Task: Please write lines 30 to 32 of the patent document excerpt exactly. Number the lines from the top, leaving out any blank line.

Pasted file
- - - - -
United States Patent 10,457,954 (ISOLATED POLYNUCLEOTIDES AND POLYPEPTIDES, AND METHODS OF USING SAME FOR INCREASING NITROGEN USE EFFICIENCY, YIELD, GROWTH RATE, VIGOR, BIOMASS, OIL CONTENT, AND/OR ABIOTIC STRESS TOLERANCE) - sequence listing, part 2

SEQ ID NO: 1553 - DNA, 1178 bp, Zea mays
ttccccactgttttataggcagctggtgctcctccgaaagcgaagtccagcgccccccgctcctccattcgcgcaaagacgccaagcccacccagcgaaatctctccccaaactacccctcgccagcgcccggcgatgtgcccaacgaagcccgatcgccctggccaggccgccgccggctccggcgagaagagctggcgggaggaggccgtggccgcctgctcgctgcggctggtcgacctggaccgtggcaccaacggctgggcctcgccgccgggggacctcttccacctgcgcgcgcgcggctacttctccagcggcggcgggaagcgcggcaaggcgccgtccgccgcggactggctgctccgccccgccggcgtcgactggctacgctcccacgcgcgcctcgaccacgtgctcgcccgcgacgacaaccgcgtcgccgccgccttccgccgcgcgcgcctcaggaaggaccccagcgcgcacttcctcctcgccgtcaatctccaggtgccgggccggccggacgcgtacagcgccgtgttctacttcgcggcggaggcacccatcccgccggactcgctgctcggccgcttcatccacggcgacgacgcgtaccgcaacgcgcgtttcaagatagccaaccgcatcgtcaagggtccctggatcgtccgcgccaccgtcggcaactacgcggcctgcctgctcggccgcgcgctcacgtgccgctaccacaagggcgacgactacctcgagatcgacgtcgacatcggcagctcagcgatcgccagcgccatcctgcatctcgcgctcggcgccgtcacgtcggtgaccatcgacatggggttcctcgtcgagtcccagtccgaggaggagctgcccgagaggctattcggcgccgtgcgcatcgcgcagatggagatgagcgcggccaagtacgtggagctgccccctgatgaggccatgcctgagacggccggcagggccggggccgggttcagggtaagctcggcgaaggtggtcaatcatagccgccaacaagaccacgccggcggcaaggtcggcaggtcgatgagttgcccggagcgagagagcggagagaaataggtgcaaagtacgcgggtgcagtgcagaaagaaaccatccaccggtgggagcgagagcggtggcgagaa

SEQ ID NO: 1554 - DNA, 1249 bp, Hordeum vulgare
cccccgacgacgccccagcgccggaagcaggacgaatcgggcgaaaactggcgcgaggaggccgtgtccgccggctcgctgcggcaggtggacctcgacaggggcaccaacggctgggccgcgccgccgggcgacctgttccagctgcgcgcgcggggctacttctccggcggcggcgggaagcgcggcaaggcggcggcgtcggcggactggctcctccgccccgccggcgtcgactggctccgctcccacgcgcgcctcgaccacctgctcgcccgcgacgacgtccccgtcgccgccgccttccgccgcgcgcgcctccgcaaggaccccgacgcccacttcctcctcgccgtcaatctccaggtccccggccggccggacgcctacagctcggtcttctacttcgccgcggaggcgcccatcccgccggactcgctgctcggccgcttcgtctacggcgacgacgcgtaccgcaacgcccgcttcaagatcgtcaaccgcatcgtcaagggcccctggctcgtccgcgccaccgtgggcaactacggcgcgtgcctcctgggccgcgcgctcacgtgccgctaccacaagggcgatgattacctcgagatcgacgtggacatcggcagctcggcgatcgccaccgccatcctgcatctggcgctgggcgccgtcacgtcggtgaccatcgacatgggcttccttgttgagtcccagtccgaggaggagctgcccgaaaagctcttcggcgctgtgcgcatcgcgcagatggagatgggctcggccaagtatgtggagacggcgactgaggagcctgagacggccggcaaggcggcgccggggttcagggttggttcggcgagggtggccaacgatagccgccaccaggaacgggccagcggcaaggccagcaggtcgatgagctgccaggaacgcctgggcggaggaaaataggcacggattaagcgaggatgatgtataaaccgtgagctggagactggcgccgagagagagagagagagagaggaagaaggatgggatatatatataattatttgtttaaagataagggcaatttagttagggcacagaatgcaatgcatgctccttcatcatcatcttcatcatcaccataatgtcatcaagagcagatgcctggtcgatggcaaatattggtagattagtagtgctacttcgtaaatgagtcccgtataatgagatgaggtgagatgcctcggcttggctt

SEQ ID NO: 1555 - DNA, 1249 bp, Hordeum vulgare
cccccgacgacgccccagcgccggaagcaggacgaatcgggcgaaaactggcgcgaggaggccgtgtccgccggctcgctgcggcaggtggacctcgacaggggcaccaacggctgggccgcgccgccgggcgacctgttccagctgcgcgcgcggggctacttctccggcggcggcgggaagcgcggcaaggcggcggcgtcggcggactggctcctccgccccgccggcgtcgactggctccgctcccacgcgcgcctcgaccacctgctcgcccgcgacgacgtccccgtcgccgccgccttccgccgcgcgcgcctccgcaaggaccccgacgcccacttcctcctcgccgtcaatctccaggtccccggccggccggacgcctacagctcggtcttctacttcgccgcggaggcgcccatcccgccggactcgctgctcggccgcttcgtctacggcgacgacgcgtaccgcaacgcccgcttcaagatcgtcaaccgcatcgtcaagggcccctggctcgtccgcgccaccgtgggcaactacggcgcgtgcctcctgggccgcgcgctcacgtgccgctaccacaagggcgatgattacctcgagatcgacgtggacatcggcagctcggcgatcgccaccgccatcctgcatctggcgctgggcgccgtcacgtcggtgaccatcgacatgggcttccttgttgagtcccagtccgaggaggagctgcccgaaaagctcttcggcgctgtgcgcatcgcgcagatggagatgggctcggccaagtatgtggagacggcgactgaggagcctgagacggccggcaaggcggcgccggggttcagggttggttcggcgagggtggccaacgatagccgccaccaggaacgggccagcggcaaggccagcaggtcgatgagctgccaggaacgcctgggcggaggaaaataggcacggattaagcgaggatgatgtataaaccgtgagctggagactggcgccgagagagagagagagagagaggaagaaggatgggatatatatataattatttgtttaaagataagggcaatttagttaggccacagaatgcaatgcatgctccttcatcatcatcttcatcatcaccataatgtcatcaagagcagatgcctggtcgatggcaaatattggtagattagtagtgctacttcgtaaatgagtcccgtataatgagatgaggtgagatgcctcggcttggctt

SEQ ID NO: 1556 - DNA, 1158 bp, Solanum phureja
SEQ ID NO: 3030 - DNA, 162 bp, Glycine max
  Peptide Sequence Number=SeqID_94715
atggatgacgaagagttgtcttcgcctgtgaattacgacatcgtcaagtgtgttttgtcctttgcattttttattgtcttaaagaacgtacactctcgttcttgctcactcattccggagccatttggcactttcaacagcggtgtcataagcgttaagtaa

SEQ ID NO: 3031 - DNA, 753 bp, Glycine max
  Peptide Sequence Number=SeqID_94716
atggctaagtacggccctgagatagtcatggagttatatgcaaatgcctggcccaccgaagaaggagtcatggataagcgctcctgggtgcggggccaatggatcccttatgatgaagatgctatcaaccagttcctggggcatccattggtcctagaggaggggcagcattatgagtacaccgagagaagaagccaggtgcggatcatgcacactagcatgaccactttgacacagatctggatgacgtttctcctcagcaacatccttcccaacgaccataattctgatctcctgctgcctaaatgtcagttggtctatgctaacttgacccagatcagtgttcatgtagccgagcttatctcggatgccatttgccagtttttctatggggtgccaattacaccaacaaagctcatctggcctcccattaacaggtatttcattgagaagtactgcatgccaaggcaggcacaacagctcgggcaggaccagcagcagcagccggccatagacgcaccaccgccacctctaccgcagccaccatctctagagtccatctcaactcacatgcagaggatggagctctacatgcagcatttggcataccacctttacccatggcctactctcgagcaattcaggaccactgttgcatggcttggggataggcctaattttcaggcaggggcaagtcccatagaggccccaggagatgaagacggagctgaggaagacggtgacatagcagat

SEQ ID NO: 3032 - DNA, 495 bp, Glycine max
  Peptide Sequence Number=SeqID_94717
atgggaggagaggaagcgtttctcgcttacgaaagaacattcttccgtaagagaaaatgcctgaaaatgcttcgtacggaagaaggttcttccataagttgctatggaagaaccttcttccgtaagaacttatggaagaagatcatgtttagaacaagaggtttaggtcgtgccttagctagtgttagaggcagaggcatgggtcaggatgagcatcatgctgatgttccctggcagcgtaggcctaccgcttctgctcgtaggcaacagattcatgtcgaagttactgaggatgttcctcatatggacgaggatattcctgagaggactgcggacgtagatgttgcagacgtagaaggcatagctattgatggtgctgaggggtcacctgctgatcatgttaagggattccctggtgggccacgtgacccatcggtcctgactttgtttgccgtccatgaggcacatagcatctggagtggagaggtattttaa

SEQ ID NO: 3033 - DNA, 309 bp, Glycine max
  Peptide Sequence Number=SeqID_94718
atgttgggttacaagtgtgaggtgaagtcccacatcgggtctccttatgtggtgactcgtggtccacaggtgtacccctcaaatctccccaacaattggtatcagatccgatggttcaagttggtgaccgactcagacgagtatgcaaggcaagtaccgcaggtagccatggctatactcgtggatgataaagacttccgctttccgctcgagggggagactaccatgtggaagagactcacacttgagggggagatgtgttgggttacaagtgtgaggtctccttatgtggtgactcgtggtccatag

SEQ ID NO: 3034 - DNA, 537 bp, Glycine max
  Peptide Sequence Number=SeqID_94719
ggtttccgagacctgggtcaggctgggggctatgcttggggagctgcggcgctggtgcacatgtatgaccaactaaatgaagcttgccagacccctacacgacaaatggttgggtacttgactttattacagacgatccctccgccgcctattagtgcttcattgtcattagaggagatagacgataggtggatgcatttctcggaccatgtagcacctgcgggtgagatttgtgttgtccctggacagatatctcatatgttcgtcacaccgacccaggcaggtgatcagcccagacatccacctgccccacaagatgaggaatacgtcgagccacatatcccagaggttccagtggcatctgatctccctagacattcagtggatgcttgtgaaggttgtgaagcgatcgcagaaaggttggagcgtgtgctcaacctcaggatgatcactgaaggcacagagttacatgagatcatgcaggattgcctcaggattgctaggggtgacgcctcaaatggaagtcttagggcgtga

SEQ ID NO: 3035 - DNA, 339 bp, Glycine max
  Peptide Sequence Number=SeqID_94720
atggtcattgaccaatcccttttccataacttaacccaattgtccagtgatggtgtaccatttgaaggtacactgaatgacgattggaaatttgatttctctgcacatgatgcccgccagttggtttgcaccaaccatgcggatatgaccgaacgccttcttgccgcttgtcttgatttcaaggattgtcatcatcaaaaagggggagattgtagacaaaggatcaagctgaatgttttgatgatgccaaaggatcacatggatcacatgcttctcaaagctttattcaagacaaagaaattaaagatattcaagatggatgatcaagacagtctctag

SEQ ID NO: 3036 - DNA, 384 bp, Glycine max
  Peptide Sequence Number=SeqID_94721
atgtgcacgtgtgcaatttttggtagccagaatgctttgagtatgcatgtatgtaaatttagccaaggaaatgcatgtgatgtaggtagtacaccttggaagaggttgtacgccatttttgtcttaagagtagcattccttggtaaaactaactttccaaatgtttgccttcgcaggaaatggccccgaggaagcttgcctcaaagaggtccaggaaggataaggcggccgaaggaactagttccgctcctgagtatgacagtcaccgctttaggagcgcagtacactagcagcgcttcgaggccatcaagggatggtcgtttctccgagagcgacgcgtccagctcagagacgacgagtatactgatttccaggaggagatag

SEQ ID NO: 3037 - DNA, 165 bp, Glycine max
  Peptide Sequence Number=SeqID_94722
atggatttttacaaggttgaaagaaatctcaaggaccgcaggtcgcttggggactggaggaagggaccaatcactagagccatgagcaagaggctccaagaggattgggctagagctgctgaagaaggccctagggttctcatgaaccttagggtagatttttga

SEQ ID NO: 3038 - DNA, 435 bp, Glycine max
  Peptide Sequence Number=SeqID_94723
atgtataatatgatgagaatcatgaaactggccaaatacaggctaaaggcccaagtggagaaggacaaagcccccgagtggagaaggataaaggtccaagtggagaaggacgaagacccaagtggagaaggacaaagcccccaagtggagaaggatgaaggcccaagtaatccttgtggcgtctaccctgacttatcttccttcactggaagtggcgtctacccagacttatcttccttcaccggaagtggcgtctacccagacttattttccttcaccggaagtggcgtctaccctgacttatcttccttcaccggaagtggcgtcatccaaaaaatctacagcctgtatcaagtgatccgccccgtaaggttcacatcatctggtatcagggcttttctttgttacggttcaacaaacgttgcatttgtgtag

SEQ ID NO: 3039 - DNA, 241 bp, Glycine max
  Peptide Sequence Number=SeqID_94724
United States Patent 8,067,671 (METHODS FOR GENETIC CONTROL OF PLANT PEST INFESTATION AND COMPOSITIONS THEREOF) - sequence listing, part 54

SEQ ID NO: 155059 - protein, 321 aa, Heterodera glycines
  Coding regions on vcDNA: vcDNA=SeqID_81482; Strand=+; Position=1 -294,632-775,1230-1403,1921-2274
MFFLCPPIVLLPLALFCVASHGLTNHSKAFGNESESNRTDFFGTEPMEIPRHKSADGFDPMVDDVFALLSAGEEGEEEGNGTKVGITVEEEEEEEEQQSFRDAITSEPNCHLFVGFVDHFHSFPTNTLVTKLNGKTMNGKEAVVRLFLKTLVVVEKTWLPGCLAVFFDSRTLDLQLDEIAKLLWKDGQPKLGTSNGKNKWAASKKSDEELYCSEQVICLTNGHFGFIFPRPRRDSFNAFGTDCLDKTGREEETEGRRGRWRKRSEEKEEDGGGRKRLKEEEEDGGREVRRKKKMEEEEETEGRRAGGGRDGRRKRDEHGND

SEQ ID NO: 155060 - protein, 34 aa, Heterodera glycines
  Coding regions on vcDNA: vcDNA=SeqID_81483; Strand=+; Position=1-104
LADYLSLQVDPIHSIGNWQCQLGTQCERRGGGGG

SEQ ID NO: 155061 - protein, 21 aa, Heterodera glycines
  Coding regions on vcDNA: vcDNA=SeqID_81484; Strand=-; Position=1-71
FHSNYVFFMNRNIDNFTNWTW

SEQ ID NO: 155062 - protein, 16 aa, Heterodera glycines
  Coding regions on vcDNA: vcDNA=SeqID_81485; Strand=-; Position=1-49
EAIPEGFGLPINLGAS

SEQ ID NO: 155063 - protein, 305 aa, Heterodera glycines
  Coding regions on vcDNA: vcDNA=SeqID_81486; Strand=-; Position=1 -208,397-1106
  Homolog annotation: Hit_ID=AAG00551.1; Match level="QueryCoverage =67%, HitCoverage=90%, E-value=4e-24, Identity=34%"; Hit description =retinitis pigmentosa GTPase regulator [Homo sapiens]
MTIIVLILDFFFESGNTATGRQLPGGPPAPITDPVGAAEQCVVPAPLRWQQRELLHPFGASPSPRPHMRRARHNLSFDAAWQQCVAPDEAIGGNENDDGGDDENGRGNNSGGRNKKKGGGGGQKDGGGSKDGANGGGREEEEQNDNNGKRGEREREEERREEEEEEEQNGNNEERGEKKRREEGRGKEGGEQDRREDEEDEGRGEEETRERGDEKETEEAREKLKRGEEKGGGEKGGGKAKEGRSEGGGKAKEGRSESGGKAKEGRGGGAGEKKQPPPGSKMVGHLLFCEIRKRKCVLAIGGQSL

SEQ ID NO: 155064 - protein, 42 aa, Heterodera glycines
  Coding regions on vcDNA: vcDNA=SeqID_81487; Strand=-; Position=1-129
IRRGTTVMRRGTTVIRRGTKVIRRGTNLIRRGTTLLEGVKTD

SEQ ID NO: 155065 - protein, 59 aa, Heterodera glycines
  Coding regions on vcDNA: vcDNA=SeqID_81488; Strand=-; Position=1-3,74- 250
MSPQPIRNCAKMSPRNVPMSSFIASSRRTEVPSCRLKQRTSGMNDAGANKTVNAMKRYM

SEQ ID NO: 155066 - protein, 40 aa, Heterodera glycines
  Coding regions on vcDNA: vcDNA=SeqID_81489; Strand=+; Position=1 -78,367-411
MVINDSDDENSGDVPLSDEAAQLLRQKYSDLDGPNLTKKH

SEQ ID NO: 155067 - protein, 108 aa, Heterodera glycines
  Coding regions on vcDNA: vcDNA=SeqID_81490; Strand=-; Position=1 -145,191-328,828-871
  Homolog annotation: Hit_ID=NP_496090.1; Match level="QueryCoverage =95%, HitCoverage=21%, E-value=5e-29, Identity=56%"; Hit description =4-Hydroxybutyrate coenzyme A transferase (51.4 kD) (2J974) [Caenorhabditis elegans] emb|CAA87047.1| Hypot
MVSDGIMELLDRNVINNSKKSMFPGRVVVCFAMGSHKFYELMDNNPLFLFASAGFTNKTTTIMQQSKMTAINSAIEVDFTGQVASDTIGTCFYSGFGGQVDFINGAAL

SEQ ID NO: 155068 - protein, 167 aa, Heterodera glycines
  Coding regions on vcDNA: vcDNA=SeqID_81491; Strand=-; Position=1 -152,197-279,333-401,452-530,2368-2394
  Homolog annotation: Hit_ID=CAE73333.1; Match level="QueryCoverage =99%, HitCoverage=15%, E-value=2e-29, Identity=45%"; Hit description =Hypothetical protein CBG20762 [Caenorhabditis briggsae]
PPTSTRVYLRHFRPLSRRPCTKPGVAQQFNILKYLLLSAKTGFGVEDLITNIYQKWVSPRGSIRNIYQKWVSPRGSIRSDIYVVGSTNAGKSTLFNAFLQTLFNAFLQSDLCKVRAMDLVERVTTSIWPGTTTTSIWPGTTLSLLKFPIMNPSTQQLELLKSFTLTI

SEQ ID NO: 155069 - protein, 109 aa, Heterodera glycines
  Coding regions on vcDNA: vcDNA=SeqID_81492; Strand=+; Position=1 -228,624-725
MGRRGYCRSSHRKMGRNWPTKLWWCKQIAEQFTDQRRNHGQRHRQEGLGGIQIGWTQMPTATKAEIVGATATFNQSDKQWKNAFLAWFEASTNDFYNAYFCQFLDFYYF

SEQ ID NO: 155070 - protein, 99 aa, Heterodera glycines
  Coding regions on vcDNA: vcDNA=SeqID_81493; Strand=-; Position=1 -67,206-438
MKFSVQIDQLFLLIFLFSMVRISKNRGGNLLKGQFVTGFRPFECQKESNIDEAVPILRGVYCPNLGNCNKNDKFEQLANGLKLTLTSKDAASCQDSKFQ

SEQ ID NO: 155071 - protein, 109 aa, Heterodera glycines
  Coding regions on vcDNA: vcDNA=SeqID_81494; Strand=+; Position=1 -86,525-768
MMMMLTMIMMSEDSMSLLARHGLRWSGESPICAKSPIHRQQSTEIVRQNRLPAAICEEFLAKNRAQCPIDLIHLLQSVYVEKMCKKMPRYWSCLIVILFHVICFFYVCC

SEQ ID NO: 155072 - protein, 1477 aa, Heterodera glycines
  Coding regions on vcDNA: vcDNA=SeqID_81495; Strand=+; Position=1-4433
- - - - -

SEQ ID NO: 3037 - DNA, 165 bp, Glycine max
  Peptide Sequence Number=SeqID_94722
atggatttttacaaggttgaaagaaatctcaaggaccgcaggtcgcttggggactggaggaagggaccaatcactagagccatgagcaagaggctccaagaggattgggctagagctgctgaagaaggccctagggttctcatgaaccttagggtagatttttga